Here is a picture of life under the law, without the aid of the Spirit, portrayed from the perspective of one who has no experience the liberating power of life in the Spirit. The following passage illustrated to us an interesting tension existing in this life.
SOME KEY IDEAS FROM THIS WEEK’S PASSAGE
INDWELLING SIN — The person in Rom. 7:14–25 with his mind wants to do one thing, but there is another force at work in his personality which actually controls his willing and doing. Paul is not talking about the Christian who tries hard but whose deeds do not match up with his intentions. The point here is not the falling short or imperfection even of Christian good deeds, but exceeding sinfulness of sinful deeds. V. 17 makes evident Paul is taking about the person who has indwelling sin, almost as a habitus, such that the person is a slave to sin or his passions. With “no good dwells in my flesh” (v. 18) we must compare the closely similar phrase in 7.5. This person intends to do good, but is simply unable to carry out such an intention. Is v. 20 an attempt to exculpate the individual in question, he cannot help himself, being in the bondage to sin? Probably not, as Paul’s point is the bondage of the will, not the excuse-making or excusability of the sinners behavior. Barrett puts it this way: ”Evil behavior is caused by sin, a personal power residing in dominating the flesh.” The language here is strong, bordering on a concept of being possessed. But Paul says nothing of demons here, only of sin and its power over following human beings.
Llewelyn that slavery is the controlling metaphor here. The slave’s mind maybe free to think one way, but his body is enslaved to obey his master. Seneca, a contemporary of Paul and Stoic philosopher, put the matter this way:
It is an error to think that slavery penetrates to the whole person. The better part is excluded: the body is subject to and at the disposition of its master; the mind, however, is its own master and is so free and able to move that it cannot even be restrained by this prison, in which it is confined, from following its own impulse, Setting in motion great ideas and passing over into infinity as a comrade to the gods. And so it is the body that fate surrenders to the master; he buys this, he sells this; the inner part cannot be given by purchase. Whatever issues from this is free. (De beneficiis 3.20)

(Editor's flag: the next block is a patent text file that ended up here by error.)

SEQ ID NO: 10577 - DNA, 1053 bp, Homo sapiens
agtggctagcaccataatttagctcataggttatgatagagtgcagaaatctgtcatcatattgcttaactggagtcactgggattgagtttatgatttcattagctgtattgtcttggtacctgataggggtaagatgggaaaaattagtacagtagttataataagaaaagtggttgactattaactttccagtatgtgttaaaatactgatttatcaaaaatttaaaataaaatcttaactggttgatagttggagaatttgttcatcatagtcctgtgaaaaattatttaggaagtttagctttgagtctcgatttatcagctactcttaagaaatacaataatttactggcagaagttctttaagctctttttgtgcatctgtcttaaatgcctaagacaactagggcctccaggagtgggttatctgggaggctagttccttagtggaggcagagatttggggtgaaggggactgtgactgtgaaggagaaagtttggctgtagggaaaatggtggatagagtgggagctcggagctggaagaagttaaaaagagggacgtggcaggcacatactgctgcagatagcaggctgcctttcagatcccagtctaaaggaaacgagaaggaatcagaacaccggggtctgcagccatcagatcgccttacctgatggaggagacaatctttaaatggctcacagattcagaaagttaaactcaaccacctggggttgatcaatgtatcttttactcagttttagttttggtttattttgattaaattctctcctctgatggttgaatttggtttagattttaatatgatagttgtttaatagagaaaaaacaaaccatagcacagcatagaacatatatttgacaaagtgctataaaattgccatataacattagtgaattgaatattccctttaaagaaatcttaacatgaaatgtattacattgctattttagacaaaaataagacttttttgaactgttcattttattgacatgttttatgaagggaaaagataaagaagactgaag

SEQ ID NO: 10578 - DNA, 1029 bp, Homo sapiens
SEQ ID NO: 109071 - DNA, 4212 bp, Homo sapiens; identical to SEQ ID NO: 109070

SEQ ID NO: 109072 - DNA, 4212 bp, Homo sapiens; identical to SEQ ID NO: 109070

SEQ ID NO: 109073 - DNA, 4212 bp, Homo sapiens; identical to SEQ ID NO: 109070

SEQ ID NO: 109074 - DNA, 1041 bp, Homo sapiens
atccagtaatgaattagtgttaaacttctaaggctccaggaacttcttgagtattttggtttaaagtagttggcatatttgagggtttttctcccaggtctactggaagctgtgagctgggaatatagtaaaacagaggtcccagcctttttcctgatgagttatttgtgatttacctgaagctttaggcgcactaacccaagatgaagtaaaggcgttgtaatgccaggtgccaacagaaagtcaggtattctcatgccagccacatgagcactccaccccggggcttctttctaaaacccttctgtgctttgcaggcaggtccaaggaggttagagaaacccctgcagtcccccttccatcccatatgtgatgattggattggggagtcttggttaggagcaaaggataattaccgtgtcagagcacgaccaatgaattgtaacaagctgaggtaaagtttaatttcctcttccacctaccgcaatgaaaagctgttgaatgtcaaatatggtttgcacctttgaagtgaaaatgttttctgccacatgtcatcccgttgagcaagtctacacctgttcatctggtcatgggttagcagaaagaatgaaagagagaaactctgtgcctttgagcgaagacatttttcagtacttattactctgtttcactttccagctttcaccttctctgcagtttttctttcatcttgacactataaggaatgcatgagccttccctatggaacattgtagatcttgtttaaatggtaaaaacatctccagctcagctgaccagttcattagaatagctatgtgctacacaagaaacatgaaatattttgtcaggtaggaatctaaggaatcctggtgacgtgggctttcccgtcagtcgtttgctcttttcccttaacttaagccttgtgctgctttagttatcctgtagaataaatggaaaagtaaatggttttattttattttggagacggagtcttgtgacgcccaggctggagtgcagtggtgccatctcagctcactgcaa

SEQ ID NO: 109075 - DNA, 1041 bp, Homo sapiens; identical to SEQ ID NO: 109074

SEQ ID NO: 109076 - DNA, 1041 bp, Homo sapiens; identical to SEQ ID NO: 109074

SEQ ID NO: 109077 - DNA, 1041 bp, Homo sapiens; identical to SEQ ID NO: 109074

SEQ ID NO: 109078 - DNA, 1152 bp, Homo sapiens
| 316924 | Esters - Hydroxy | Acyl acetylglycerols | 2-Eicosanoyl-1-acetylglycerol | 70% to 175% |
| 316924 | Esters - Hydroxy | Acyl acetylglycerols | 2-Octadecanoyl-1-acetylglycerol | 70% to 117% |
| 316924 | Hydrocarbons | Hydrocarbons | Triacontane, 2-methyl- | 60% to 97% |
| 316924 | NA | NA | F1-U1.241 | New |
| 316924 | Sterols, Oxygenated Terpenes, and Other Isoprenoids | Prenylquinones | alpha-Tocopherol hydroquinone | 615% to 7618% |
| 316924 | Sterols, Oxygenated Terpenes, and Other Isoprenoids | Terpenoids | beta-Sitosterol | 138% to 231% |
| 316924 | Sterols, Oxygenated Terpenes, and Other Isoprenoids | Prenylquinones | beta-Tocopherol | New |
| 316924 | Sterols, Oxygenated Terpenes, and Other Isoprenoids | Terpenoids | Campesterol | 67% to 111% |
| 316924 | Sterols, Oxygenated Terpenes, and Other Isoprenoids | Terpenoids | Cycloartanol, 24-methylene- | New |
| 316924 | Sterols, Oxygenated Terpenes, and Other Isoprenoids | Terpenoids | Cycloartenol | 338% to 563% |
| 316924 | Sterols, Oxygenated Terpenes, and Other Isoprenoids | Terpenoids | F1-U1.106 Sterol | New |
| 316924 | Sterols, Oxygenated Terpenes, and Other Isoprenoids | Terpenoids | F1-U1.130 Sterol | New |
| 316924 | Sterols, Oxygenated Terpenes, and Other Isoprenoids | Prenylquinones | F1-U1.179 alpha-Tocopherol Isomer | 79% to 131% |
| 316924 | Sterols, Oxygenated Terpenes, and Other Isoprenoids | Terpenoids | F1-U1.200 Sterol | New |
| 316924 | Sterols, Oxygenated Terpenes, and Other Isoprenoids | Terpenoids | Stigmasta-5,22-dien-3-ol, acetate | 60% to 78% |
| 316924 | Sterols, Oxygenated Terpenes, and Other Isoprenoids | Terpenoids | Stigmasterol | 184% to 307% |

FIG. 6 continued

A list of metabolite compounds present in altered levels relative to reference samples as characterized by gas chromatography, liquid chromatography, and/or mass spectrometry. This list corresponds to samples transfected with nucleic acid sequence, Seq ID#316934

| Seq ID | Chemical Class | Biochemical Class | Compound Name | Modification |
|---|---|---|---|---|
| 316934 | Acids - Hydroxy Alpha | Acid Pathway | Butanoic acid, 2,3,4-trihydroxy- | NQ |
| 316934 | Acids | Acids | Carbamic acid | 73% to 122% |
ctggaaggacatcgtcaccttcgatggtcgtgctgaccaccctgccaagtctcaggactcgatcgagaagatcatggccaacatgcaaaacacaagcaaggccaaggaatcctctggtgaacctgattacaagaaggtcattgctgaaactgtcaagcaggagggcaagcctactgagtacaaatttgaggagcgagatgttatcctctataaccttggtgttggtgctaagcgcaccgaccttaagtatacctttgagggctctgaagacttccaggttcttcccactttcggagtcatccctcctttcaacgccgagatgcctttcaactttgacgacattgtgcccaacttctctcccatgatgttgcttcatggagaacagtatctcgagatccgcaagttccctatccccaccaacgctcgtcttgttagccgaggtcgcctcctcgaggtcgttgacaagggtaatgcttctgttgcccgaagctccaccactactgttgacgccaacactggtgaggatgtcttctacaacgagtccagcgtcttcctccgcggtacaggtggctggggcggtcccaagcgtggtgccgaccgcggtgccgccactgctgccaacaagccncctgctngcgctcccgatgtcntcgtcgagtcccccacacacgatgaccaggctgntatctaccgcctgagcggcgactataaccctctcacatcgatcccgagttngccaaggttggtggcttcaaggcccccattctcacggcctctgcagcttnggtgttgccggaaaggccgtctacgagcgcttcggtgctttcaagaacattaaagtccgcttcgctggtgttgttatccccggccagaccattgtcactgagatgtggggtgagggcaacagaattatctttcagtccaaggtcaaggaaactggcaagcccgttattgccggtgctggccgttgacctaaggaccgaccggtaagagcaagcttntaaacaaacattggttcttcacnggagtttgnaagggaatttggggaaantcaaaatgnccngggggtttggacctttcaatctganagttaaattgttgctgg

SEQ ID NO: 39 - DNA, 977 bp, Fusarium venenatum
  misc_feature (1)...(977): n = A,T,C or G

The contrast here between what ones thinks and what one does is similar. The person that Paul describes is as surely enslave to sin as the person Seneca describes is enslaved to a human master. Kasemann theory that the highest Jew is spoken of in vv. 14–19 based on an understanding of nomos as a reference exclusively to the Mosaic Law. But if nomos could refer to a commandment given before Moses in vv. 6-13, it can have a wider reference here as well, or perhaps abetter said, Paul believers that all persons (whether through the law written on the heart or the law written on the tablets) are under the Law of God. There need to be no specific reference to Jews here, and indeed, as Stowers shows, Paul seems to have Gentiles in view, in the main. The original prohibition to Adam incorporates all humanity under its condemnation since all humans, in Pauls’s view, are “in Adam.” (Witherington pg 200-1)
BRIDGING THE HORIZONS
Paul Achtemeier warns about Romans 7: “Those who seek to preach or teach this passage face the problem of overcoming the weight of the long history of interpretation which has distorted Paul’s intention in these verses.” On the other hand, in an age of not only biblical illiteracy but also ecclesiological ignorance, not that many people, even in the church, know this history of interpretation. It is not necessary to remove a burden of interpretation that does not exist, but it is important to give a modern audience a sense of caution about over-psychologizing the text and especially about using it as a way to deal with modern psychological dilemmas of moral importance or schizophrenia or the like. Reaching this text though the eyes of Freud is about as unhelpful as reading it through the eyes of Augustine or Luther.
, However, one can convey the sense of the flow of the text and that it deals with the spiritual crisis and the life of a non-Christian described, Then this text could be used in fruitful ways. For example, one can ask: what is the nature of conversion? What happens not only to one's worldview but to one's moral compass and willpower when one is delivered from the bondage to send? If conversion is merely a cognitive event, What are its potential benefits vis-à-vis one's emotions, well, and conduct? But if one goes down this road, one must also be prepared to talk frankly about the potential tensions in the Christian life, the struggle between inner and outer self, between person and persona, between flesh and Spirit. If one floats too much into one's theology of crisis conversion, one wasn't have difficulty explaining the struggles of the subsequent question life. (Witherington pg 205-6)
MISSIONAL QUESTIONS FOR REFLECTION
- How does the reading of this text challenge your assumptions and blind spots?
- How does this passage help to clarify appropriate Christian behavior-not only in terms of conduct but also in terms of intentionality and motive?
- In what ways does this text proclaim good news to the poor and release to the captives, and how my our social locations make it difficult to hear that news as good?
- How does this passage Challenge the way you lead or participate in your microchurch?